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What Is Kinetic Sand? How It Works and Where It’s Used

Pink Kinetic Sand

Kinetic sand is not your typical sand, as it comes with uniquely artificial properties. For instance, unlike regular sand, kinetic sand always seems wet for no reason and doesn’t dry out.

The other standout property is its ability to not stick to anything nearby—or the things that it comes into contact with—other than itself. These two properties make it the ideal malleable material for kids looking to mold differently shaped objects, and STEM students trying to design miniature models of various items.

To understand what kinetic sand really is, we have to talk about the science behind it. So, read on below to find out more.

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How Does Kinetic Sand Work?

Little girl playing with bright kinetic sand at table
Image By: New Africa, Shutterstock

Layman’s Explanation

Even though it doesn’t have the same appearance or texture as traditional sand, kinetic sand is actually sand. The only difference is that instead of being coated using water to make it wet, it uses silicone oil.

As most of you probably know, silicon oil is a versatile product. Besides being used as a lubricant, it can also be utilized as a heat transfer oil or hydraulic fluid. Kinetic sand is always wet due to silicon oil. Had they used water instead of oil, it would have dried out in a matter of seconds.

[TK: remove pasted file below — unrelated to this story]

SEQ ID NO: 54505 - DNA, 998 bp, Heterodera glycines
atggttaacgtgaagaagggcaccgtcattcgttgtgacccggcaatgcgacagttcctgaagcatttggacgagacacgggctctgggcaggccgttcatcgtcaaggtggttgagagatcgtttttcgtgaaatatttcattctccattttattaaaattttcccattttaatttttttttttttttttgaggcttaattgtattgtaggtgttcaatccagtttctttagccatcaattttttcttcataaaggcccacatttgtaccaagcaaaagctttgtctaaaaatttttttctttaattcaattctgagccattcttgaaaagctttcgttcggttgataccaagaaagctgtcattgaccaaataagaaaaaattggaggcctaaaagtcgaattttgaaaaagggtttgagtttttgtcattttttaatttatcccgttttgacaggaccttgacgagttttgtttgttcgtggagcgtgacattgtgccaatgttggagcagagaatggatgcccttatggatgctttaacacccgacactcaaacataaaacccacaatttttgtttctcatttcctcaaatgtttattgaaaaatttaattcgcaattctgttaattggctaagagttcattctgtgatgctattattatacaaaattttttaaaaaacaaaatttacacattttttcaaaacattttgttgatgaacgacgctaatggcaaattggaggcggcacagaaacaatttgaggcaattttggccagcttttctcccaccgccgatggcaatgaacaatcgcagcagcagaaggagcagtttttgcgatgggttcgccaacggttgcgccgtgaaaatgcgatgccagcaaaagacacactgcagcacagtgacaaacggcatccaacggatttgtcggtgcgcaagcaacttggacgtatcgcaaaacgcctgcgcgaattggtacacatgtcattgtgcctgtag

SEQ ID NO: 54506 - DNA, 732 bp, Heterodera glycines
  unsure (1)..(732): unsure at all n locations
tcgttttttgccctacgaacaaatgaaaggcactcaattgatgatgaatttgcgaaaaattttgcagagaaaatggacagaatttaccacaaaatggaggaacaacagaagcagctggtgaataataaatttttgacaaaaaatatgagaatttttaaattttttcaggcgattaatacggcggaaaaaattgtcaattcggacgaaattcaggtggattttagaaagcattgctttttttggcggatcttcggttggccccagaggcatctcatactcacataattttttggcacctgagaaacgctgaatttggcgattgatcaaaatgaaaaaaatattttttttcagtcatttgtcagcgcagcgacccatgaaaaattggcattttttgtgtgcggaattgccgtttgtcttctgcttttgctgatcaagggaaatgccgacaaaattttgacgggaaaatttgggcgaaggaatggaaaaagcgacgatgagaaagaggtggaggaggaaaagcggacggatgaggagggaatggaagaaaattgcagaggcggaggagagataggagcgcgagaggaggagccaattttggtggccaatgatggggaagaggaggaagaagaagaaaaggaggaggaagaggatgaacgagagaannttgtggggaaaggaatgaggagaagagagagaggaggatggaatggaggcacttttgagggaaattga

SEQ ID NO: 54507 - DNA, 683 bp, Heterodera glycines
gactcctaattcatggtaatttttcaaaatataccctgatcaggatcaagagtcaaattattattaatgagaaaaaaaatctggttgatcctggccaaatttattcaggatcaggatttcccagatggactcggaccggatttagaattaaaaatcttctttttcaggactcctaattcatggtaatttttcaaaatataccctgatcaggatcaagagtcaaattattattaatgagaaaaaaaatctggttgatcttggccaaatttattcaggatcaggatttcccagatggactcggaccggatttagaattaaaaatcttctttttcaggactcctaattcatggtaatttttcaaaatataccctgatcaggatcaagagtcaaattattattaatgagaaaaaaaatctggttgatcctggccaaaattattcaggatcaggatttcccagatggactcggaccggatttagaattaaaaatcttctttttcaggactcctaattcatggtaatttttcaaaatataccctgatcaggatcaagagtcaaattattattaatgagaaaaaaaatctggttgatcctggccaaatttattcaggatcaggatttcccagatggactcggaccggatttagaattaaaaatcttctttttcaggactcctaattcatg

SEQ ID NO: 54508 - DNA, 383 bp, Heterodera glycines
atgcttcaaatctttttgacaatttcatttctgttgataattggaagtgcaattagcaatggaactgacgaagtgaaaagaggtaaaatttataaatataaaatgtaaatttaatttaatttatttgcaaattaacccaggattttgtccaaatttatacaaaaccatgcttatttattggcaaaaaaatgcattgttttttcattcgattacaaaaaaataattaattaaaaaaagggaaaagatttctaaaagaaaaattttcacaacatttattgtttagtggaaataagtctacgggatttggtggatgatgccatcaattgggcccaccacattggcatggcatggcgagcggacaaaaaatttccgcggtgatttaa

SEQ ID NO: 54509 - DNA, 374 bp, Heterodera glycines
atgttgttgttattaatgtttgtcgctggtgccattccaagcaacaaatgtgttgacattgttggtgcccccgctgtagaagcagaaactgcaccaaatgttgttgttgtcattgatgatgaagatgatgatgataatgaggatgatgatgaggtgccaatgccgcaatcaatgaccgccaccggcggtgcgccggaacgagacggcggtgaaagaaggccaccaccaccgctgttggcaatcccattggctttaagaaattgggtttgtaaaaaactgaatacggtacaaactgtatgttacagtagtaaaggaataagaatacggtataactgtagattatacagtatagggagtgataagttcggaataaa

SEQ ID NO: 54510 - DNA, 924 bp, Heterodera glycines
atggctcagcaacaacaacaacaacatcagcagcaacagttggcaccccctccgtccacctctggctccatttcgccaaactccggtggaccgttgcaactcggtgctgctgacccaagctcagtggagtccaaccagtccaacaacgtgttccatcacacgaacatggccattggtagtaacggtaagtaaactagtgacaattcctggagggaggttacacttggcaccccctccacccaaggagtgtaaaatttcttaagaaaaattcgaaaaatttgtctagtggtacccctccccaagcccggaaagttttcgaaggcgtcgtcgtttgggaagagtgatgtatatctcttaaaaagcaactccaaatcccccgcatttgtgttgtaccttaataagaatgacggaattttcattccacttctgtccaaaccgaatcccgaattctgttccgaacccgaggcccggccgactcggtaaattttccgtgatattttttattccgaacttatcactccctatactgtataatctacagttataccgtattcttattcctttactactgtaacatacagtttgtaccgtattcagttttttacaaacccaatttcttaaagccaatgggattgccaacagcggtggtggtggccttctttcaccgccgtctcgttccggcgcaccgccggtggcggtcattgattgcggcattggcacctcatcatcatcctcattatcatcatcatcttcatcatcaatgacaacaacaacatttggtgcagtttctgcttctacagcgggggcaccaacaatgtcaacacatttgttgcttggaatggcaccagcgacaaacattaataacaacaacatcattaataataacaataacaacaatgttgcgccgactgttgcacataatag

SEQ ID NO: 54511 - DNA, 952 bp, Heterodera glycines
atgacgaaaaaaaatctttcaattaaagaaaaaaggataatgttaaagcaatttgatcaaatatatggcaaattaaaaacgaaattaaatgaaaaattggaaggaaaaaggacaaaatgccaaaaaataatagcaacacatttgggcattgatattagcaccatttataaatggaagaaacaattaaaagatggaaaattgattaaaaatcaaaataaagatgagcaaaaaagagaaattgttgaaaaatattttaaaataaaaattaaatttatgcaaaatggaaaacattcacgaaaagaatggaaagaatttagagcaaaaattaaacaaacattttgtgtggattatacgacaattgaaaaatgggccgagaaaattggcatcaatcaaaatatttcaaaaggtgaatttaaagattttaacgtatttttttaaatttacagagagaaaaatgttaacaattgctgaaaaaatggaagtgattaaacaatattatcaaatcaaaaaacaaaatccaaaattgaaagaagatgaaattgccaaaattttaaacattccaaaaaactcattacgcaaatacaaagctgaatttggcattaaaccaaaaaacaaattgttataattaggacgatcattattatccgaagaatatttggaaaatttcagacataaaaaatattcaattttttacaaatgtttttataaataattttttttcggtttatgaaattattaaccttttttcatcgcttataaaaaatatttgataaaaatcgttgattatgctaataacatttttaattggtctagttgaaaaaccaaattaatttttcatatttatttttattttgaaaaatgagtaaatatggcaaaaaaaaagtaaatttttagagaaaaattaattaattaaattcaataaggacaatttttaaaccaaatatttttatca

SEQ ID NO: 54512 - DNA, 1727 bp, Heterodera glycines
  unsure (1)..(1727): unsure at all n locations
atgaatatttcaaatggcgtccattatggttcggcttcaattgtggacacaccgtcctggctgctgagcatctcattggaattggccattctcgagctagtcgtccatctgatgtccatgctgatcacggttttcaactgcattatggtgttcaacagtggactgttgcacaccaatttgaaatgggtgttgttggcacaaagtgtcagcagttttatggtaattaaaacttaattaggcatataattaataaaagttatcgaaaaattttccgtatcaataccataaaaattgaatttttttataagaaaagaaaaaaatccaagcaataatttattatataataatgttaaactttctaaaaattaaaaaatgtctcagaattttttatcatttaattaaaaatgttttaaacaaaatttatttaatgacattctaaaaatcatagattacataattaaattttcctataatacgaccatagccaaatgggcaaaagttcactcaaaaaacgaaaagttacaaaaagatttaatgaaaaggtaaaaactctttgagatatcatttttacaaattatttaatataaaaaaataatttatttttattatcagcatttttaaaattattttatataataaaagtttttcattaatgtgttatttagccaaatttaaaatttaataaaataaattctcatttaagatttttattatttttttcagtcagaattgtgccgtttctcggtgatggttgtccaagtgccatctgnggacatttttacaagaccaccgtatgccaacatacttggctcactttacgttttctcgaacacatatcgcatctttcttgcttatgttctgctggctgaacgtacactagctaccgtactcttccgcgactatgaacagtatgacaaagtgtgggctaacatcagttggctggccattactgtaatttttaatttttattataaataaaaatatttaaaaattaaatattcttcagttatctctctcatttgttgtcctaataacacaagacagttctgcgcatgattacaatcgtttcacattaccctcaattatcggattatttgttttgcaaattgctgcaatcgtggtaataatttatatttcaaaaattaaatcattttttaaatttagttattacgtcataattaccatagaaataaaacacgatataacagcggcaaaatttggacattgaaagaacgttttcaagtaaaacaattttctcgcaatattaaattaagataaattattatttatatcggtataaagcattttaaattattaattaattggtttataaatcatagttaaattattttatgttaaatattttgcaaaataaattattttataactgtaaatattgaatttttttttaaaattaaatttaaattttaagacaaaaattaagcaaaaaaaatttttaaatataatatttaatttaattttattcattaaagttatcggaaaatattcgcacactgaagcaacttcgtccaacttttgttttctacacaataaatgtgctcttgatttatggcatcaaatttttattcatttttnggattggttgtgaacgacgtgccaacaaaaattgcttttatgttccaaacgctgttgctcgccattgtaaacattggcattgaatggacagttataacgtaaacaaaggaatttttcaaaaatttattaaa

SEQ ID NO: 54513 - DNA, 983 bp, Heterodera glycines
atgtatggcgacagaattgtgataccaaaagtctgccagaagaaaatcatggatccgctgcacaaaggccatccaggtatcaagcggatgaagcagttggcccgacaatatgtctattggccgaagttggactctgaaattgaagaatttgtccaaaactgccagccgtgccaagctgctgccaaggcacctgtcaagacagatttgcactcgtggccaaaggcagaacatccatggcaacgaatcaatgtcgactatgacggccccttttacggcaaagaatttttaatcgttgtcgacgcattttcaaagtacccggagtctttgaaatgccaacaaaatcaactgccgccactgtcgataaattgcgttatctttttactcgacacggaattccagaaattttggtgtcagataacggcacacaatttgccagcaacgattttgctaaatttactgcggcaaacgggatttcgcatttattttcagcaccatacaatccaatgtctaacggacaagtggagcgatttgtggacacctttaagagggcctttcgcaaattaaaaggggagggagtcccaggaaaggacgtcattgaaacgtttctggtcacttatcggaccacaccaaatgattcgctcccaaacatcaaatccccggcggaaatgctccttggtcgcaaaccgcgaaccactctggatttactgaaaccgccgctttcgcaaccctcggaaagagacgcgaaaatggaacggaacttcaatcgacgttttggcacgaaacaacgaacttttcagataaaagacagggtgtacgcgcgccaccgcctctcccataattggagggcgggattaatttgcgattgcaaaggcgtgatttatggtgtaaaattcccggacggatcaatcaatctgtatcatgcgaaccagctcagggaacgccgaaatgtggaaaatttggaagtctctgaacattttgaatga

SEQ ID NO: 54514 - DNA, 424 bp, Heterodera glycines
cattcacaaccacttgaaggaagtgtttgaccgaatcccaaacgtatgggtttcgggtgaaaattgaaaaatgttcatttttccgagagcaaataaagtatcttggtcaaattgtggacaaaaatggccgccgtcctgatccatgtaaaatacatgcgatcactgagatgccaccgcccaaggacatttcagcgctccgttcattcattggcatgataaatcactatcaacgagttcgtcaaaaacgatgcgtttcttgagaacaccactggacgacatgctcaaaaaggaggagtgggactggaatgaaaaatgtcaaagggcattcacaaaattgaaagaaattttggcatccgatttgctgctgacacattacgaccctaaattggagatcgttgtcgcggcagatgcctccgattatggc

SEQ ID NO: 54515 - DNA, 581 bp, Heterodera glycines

The oil is also the reason why, when left alone, this sand reverts to a more natural shape. For example, if you made a ball, and left the ball on a flat surface for an extended period of time, you’ll come back to find it flattened out—even if no form of force was exerted on it.

Scientific Explanation

From a scientific standpoint, kinetic sand is primarily sand, with 2% of its composition being polydimethylsiloxane (PDMS). The PDMS compound is quite honestly what gives this material that wet appearance, and also helps it to stay bonded to itself.

PDMS is essentially a liquid polymerized siloxane compound that’s usually classified as a variant of silicone oil. When broken down into simpler blocks, you get to learn that PDMS is basically a mineral-organic polymer.

By definition, a polymer is any synthetic or natural substance that’s made up of macromolecules—and the macromolecules can still be broken down further into monomers. In our case, PDMS is the polymer, while carbon and silicon are the monomers.

Typical of silicone oil, PDMS doesn’t catch fire easily, is not poisonous, and is considered chemically stable. In addition, it’s usually optically clear and exudes viscoelasticity. We like to use the term “viscoelastic” to describe any material or substance that acts like a viscous liquid when the temperature levels are ramped up and appears to have the elasticity of rubber when the temperatures drop.